Roy's next military involvement was part of a mercenary training team in Colombia under Peter MacAleese, his old Sergeant Major at 44 Para Brigade, where militiamen were being prepared for operations against FARC, the pro-communist guerrilla group. He phoned briefly once from some jungle in that region, complaining that in a context where "everyone was into buying, selling, or using illegal drugs, it was difficult to tell who were supposed to be the baddies!" (The deployment was cancelled before it was necessary to go into combat.)
Further adventures saw Roy news-gathering in Afghanistan with Terry Tangney, an old friend and colleague from 44 Para Brigade, and later providing security services in Russia. In 2003 he filmed child soldiers on the Liberian front line.
Between 2003 and 2006 Roy was analyst for Jane's Intelligence Review, based in the Ivory Coast, and he also gathered intelligence for a number of large rubber estates as well as various government Military Intelligence agencies. (His sister-in-law Sarah Kaulback [daughter of Dan Gill, the renowned geologist] translated his remarkable English reports into French, in which language they were eagerly bought by the agencies of several francophone governments.)
Failing health ended that promising career, and he returned home to England. More recently he consulted for the BBC World Service, and he was political and military consultant for his company Pathfinder Protection, which assisted government and U.N.forces in a number of African countries.
Chronic ill-health meant that Roy was never to return to Africa, and he remained at home to care for his beloved mother Fenja, whose death preceded his own by only a few weeks.
Roy's former mentor Peter McAleese, a legend in Special Forces circles, attended Roy's funeral despite the accumulated injuries and osteoarthritis with which he has been increasingly afflicted over the past couple of decades. It was the publication of his memoirs (No Mean Soldier, Orion, 1993) that led directly to the notorious feature The tough and the toff in the Sunday Telegraph on 21 Nov 1993, in which McAleese was portrayed as little better than a thug and Kaulback as an effete and languorous aristocrat (does anybody out there still remember Sir Percy Blakeney in the Scarlet Pimpernel stories?).
Well, what a travesty of the truth! Peter McAleese is an articulate, softly-spoken, thoughtful and literate individual, disarmingly cherubic in appearance, whereas Roy's demeanour became increasingly paranoid and scary as the years went by and his illness progressed. And patrician he may have been, but aristocratic not (though he did adopt the prefix The Honourable in later years).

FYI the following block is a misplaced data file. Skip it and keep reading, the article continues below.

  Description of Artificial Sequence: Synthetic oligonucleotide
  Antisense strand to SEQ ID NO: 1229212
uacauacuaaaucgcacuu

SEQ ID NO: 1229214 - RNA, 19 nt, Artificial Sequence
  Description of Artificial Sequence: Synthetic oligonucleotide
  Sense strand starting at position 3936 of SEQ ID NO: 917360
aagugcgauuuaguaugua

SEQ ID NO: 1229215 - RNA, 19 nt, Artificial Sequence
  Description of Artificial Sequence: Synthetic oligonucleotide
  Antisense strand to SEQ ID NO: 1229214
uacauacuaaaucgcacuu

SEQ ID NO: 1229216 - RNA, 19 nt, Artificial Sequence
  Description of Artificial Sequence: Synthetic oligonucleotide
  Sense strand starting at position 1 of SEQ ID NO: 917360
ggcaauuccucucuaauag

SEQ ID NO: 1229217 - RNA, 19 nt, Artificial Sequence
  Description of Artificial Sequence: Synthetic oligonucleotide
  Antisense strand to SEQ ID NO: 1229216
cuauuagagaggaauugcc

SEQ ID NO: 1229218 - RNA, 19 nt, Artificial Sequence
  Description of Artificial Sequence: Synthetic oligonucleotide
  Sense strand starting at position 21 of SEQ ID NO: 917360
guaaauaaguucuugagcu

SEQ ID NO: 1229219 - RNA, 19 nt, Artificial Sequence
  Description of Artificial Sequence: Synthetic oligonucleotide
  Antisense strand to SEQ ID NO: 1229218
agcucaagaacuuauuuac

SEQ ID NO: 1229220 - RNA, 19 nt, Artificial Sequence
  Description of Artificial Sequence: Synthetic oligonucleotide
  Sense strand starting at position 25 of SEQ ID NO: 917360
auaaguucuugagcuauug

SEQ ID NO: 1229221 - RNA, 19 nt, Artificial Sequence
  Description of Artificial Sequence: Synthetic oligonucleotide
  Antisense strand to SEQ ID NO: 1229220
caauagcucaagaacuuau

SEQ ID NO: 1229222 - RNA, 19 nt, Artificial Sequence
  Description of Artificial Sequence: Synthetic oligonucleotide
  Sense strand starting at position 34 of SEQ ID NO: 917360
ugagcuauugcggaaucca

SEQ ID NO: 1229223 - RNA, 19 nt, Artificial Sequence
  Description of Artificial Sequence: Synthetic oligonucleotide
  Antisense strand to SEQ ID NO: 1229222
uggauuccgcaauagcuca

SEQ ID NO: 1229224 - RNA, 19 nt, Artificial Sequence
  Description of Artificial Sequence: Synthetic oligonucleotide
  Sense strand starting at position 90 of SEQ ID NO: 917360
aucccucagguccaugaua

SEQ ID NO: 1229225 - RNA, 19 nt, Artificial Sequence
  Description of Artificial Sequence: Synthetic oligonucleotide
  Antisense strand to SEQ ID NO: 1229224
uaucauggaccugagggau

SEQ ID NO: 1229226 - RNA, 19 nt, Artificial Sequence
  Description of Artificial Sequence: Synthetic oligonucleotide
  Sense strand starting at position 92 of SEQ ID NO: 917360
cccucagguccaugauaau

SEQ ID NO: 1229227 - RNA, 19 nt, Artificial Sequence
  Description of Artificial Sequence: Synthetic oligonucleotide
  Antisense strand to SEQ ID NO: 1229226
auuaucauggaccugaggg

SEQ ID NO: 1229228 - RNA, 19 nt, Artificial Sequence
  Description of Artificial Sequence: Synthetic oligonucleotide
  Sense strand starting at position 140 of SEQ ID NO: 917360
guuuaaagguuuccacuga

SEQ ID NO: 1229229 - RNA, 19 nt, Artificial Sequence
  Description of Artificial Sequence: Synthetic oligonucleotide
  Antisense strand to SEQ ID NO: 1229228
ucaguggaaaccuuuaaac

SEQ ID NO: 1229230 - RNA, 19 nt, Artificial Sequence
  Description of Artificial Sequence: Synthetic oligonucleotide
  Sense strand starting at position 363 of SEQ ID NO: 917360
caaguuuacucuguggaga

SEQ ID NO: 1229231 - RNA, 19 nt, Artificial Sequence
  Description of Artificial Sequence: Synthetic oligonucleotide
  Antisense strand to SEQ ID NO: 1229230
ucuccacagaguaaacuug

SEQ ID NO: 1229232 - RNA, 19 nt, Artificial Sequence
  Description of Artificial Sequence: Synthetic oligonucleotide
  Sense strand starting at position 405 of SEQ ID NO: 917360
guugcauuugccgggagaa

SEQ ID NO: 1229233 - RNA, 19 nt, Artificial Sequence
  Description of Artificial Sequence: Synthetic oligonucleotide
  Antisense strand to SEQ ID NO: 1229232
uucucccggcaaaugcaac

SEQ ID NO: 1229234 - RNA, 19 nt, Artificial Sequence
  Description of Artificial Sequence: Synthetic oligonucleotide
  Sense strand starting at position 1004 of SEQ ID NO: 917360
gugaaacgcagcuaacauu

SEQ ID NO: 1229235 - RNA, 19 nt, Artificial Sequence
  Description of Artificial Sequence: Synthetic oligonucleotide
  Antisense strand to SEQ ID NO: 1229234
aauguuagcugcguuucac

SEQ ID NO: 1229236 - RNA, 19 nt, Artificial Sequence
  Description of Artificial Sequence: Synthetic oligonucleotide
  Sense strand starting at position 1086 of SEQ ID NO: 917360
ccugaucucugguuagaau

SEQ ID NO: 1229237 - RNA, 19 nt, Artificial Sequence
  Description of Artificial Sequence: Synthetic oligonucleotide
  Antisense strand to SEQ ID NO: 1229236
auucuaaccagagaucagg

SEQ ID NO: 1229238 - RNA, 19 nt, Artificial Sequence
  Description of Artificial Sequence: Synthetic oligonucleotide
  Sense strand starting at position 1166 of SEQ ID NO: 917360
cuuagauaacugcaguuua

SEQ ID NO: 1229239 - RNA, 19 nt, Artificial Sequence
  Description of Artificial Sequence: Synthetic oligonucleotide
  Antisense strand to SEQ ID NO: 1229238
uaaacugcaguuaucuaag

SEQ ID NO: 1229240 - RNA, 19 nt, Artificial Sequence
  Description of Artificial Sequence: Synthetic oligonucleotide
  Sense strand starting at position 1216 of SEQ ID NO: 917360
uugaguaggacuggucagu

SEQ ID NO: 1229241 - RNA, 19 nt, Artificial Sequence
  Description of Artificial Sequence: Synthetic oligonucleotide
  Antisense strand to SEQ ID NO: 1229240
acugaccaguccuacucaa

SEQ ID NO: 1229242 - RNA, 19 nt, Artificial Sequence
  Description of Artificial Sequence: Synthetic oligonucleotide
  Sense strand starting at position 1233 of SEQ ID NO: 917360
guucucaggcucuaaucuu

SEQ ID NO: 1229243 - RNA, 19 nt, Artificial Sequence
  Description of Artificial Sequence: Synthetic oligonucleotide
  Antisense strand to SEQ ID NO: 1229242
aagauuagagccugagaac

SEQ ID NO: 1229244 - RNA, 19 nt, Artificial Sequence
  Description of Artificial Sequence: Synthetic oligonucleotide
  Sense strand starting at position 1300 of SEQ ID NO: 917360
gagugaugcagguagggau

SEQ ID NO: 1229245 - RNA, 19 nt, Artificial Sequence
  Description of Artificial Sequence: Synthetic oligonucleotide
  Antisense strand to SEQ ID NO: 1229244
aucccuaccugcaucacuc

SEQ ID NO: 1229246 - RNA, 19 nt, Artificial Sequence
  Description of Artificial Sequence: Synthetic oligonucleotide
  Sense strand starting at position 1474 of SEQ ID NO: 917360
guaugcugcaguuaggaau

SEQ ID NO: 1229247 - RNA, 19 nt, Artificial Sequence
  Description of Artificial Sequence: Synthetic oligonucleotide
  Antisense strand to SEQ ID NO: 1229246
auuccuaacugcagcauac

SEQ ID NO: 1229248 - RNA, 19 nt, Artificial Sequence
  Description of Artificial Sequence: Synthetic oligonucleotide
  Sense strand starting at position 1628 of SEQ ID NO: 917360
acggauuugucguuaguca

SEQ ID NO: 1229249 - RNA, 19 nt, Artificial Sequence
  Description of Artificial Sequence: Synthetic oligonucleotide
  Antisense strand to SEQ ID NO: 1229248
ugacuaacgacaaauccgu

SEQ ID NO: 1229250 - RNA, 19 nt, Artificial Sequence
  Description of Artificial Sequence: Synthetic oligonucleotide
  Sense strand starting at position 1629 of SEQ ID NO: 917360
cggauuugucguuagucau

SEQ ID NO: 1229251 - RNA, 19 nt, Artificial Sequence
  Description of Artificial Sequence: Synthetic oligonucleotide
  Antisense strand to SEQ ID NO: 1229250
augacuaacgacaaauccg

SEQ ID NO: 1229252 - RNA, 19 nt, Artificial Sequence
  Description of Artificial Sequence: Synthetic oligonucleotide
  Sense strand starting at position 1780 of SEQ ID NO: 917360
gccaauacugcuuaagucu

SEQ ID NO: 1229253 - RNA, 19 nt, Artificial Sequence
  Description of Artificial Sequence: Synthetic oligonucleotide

Be all that as it may, Peter had some very shrewd things to say about Roy (whom he evidently liked, of course, in a slightly exasperated sort of way!). Roy, he said, was like a skyscraper that only started at the seventh floor – he was widely read in military strategy, but lacked the self-discipline and tactical skills that would have come from the basic training that he had missed-out on at the very start. Interestingly, as is touched upon in the article, Roy had spent a brief initial period in a (possibly the Coldstream) Guards regiment, but had failed the medical. They'd possibly taken a blood-sample and recoiled in horror!
And a number of insights were voiced at the funeral, regarding the difficulties of his upbringing which he could never successfully resolve. Again, I deeply sympathise. Tout comprendre c'est tout pardonner, they say, and I also like Voltaire's deathbed quip, "Dieu me pardonnera. C'est son metier". So we can safely leave Roy to the Higher Tribunal which will surely sort things out for him.
Shortly before he died, Roy read a select few of his poems to a visiting family member on the Townend side who was on a tour of duty, so to speak, to keep the household on an even keel.
I made enquiry about these on the day of Roy's funeral and was presented with an assortment of his handwritten jottings. From these I've identified a number of poems, some in various stages of completion, and have typed-up the complete versions. Not many, as you can see, but maybe more will turn up as the executor goes through the huge backlog of household paperwork (Roy makes reference to at least one another, entitled Sage's Death Song.) Unfortunately none of the poems are dated, so any literary merit can't be assessed chronologically, but they all seem to reflect a quite tranquil frame of mind and IMHO are probably of youthful origin.
Some very pleasantly retro pictures of Roy in the early 1970's have just been shared by Lindsay St. Claire, who was a close friend of his at that time. They were taken in the beautiful East Coast village of Walberswick, where Bill had bought a slightly ramshackle house as a country retreat where he and his two sons could shoot the avian wildlife on the nearby salt-water marshes to their hearts' content.
Roy with Flounder and Flintlock
(just as the names of Ron and Audrey's labradors
always began with B, Bill and Fenja's always began with F)
Lindsay with Fenja and Roy